It’s Christmas morning and you’re supposed to get all your favorite things, right? To celebrate, we’re sharing some of our very favorite Off the Shelf recommendations. We love these books and we love these reviews. We wish you a happy, healthy holiday season surrounded by family and friends—and, of course, lots of great books.
“My copy of Curtis Sittenfeld’s PREP is ‘well loved,’ to put it lightly. The spine is broken and held together precariously with Scotch tape, the pages are falling out, and the cover is hanging by a corner.”
Although she once felt like an outsider, scholarship student Lee managed to carve a place for herself at the Ault School. When her behavior takes a self-destructive turn, though, her carefully crafted identity is shattered. Curtis Sittenfeld’s debut novel is an insightful and uproarious coming-of-age story, as well as a vivid dissection of class, race, and gender.
“When Tamar Adler writes, ‘The amount of food you have left from a meal is always the perfect amount for something,’ it is the sort of guidance that makes her book, AN EVERLASTING MEAL: COOKING WITH ECONOMY AND GRACE, feel like having a good friend in the kitchen with you. It gives wise advice, is highly entertaining, witty, makes you think, and leaves you wanting more; even if it won’t help wash the dishes.”
This insightful, meditative collection of essays breathes life into the belief that we can start cooking from wherever we are, with whatever we have. It is an elegant testimony to the pleasures of home cooking.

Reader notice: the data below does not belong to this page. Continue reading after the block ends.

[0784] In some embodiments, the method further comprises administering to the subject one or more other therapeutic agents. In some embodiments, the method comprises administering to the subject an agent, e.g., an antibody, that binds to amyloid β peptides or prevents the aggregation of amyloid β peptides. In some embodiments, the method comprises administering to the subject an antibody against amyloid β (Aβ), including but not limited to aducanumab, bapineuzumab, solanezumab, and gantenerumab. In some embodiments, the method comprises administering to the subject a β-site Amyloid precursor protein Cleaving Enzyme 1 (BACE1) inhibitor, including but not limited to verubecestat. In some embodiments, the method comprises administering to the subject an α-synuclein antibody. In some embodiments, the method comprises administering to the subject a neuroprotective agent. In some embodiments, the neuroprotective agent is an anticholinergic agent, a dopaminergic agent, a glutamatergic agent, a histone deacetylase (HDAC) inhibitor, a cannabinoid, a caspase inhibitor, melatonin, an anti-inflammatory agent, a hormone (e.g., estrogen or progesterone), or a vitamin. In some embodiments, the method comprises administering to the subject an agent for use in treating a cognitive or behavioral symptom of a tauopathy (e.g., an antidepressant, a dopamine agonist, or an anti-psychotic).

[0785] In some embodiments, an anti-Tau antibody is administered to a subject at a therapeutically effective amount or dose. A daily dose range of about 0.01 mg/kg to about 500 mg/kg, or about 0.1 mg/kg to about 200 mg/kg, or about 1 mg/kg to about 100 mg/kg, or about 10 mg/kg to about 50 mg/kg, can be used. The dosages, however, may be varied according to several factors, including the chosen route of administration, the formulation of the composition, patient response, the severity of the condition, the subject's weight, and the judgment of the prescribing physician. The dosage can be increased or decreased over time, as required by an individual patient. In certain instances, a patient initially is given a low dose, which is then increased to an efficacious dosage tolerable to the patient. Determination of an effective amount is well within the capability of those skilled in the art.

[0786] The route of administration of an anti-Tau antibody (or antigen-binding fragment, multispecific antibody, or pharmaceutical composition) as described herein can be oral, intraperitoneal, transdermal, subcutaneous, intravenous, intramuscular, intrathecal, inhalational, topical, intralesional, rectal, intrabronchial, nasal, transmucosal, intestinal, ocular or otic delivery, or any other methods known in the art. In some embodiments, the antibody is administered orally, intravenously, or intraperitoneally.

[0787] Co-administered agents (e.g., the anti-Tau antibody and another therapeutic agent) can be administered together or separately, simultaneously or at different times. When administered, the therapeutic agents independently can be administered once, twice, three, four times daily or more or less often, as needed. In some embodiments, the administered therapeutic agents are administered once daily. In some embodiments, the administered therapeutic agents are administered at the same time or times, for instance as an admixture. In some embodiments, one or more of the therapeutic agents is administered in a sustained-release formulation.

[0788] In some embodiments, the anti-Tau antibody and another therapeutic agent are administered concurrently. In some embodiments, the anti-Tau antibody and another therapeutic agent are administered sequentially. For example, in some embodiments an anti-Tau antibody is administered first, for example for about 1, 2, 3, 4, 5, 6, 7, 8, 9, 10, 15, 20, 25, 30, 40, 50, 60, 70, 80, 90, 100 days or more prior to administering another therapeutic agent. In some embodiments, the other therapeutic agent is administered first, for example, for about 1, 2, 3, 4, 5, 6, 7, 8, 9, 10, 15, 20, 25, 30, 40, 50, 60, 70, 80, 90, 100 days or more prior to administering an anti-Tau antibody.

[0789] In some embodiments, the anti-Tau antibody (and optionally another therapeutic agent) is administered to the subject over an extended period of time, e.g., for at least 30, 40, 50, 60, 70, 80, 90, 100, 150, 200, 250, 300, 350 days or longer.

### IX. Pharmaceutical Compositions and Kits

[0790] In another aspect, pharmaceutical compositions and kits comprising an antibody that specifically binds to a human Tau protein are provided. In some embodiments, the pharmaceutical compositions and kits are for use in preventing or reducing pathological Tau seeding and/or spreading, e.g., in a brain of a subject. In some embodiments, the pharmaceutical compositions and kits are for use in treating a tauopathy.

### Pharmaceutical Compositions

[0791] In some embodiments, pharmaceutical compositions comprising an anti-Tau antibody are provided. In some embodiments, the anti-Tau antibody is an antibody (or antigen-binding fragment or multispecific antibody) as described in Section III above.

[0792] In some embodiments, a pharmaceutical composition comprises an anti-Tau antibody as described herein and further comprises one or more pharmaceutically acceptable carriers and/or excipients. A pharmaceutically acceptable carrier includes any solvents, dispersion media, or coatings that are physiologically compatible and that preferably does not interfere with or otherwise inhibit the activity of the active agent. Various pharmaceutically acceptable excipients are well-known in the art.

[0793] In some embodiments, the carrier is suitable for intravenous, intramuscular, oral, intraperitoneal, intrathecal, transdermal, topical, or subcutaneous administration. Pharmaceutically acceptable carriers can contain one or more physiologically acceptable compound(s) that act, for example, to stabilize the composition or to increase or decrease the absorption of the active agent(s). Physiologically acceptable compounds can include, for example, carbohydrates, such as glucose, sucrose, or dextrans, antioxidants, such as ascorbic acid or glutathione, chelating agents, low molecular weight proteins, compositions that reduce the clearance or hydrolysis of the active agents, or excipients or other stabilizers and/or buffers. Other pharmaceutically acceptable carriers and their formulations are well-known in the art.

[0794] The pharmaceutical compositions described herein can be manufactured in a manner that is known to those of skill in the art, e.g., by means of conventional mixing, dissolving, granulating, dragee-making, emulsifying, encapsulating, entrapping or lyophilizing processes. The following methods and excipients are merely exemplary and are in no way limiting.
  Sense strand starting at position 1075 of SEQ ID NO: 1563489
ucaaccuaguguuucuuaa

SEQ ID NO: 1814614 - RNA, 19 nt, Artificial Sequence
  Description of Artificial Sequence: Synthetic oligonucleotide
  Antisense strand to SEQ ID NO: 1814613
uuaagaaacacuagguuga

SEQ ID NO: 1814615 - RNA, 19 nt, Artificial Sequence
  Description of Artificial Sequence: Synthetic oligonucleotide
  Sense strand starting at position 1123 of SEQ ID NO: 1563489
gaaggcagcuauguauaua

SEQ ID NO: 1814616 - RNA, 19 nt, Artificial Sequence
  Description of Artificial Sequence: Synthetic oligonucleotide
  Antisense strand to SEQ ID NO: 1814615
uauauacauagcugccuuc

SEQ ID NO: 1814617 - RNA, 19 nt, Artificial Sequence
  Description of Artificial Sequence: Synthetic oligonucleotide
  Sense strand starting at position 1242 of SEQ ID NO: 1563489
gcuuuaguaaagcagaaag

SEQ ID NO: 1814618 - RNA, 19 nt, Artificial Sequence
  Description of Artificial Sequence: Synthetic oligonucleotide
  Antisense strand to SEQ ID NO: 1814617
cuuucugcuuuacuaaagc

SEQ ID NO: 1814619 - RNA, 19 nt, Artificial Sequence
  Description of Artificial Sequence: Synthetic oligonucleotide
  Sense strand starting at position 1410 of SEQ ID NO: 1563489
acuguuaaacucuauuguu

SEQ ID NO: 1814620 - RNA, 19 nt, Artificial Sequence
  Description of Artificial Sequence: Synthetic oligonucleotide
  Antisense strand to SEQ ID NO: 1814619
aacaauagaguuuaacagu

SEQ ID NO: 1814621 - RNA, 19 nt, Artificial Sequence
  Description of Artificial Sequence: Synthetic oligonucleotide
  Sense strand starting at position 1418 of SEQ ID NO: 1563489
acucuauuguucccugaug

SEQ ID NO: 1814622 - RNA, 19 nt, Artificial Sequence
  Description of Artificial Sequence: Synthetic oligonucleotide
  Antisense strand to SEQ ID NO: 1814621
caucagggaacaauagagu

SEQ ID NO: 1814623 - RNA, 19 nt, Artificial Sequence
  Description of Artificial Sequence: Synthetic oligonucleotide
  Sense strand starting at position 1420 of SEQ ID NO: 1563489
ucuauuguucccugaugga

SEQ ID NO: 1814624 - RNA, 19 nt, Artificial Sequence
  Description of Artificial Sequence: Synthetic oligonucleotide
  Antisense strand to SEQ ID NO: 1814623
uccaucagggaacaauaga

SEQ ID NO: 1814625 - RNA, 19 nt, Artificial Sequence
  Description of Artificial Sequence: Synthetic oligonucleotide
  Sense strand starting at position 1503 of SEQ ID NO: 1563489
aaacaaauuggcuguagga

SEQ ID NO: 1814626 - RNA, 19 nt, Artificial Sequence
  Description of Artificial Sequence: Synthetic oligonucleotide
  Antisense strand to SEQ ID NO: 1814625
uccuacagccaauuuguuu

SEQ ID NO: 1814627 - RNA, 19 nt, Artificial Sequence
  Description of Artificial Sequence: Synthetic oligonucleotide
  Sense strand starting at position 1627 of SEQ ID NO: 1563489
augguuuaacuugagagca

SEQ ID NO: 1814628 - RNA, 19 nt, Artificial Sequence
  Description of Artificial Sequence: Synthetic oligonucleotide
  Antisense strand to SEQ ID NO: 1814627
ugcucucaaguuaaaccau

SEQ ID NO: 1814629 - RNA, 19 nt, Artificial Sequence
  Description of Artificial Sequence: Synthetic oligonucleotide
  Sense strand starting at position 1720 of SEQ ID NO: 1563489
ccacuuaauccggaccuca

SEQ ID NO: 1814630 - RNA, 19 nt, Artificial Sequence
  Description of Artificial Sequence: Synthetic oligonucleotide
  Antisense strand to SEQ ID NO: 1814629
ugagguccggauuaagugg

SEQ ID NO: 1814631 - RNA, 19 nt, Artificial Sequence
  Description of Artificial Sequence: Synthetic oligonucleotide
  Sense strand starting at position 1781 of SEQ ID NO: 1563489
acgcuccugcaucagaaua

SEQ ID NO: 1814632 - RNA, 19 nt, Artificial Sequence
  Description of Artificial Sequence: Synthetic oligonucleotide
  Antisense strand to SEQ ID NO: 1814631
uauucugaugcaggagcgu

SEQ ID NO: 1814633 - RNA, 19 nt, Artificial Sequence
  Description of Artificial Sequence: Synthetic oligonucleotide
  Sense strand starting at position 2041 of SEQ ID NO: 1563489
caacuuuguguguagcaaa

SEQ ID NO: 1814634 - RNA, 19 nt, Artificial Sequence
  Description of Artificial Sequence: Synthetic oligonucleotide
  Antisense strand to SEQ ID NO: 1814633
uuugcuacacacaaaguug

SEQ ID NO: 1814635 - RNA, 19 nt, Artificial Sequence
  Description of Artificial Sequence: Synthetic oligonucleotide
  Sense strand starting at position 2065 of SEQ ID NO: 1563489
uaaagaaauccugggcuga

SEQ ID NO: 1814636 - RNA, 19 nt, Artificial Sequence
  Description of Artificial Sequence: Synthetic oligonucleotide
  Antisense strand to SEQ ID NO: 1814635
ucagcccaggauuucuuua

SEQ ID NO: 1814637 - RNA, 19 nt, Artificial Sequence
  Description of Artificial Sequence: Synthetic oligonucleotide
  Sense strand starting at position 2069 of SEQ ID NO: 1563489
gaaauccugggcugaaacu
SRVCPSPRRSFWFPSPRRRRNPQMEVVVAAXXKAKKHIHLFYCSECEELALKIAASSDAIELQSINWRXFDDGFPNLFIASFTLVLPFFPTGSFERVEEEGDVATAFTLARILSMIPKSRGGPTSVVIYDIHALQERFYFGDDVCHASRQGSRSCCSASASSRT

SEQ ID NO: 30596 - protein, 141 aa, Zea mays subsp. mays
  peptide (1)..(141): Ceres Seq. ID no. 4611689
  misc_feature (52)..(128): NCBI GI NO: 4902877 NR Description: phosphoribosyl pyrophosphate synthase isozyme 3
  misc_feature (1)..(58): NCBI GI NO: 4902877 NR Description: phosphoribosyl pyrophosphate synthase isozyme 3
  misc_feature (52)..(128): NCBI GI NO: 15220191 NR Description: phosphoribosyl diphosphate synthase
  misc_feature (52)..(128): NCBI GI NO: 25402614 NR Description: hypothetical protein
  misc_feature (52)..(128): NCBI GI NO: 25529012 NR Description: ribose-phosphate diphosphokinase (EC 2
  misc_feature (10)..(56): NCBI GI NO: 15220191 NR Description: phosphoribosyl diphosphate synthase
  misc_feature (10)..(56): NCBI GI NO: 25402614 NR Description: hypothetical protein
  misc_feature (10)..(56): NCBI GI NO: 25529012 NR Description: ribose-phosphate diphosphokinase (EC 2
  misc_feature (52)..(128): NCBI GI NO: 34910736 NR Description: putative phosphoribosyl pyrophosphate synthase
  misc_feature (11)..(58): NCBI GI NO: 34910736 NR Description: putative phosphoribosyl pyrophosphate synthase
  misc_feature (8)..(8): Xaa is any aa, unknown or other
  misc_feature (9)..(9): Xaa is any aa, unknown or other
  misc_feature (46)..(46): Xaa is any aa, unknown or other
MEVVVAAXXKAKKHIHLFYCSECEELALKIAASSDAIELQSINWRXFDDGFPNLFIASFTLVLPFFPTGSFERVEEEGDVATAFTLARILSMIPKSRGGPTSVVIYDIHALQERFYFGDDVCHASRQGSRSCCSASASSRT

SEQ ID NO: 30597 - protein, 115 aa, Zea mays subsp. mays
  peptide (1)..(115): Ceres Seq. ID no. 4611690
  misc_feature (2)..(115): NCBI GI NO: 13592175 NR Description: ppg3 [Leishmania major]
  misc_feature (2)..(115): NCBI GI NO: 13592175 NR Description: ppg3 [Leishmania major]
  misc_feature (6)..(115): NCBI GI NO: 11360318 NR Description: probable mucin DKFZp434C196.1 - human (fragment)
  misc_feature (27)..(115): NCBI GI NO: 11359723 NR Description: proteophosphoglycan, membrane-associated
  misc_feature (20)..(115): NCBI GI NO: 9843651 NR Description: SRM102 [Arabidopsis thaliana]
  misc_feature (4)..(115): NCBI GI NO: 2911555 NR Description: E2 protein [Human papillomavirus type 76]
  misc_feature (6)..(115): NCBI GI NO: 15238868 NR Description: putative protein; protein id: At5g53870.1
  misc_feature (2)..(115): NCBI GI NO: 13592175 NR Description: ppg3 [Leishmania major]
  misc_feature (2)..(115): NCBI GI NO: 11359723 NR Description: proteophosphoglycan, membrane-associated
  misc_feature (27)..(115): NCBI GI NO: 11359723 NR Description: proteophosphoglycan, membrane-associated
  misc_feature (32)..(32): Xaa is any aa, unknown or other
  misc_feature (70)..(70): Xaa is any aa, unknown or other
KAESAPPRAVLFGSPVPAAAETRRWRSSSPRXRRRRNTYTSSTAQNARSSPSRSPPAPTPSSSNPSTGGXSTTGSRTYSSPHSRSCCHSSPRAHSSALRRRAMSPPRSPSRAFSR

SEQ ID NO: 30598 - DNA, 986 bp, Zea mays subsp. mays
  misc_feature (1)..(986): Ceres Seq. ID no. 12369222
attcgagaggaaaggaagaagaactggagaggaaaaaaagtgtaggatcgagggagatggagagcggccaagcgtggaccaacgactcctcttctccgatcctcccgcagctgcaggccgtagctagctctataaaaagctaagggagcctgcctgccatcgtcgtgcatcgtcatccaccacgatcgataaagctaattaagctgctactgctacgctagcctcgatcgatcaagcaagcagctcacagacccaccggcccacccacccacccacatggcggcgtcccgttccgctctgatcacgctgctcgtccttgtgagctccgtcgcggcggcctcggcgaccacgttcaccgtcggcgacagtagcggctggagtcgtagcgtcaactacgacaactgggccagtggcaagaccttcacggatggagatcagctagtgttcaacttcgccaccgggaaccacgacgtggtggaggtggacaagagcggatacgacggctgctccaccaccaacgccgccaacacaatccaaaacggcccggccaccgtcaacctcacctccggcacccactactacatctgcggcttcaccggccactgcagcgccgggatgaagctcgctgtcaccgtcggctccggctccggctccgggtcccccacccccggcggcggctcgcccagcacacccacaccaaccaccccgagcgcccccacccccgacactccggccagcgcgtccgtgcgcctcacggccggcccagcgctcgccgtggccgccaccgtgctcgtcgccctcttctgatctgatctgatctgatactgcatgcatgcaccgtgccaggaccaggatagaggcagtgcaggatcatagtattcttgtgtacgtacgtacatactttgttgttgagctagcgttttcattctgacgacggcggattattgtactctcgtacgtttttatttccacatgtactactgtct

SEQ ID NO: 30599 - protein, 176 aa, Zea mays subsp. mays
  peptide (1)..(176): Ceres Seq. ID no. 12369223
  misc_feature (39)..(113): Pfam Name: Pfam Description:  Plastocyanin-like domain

“The first memoir by Amy Krouse Rosenthal, who died on March 13 at age 51, uses the word ‘death’ only once. I know this because the endpapers include a list: How Many Times Certain Words Appear in This Book. ‘Cool’ appears 22 times, ‘really’ 69, ‘awkward’ and ‘weird’ both six. ‘Love’ gets 78.”
“GLACIERS is not loud. It is quiet. The story is not plot-heavy but rich with emotional depth. I was quickly engrossed by Isabel’s place in the world. Just as she is fascinated with stories of the past and stories of fiction, I wanted to know what her story would be.”
“I recently re-read THE FIRE NEXT TIME and it continues to feel resonant and urgent (just ask writers Ta-Nehisi Coates and Jesmyn Ward). This has much to do with the courage and chutzpah of its address, and the fact that the fire Baldwin prophesied, the fire that comes from denying history and racial inequality, is now in the streets of America, Canada, and Europe.”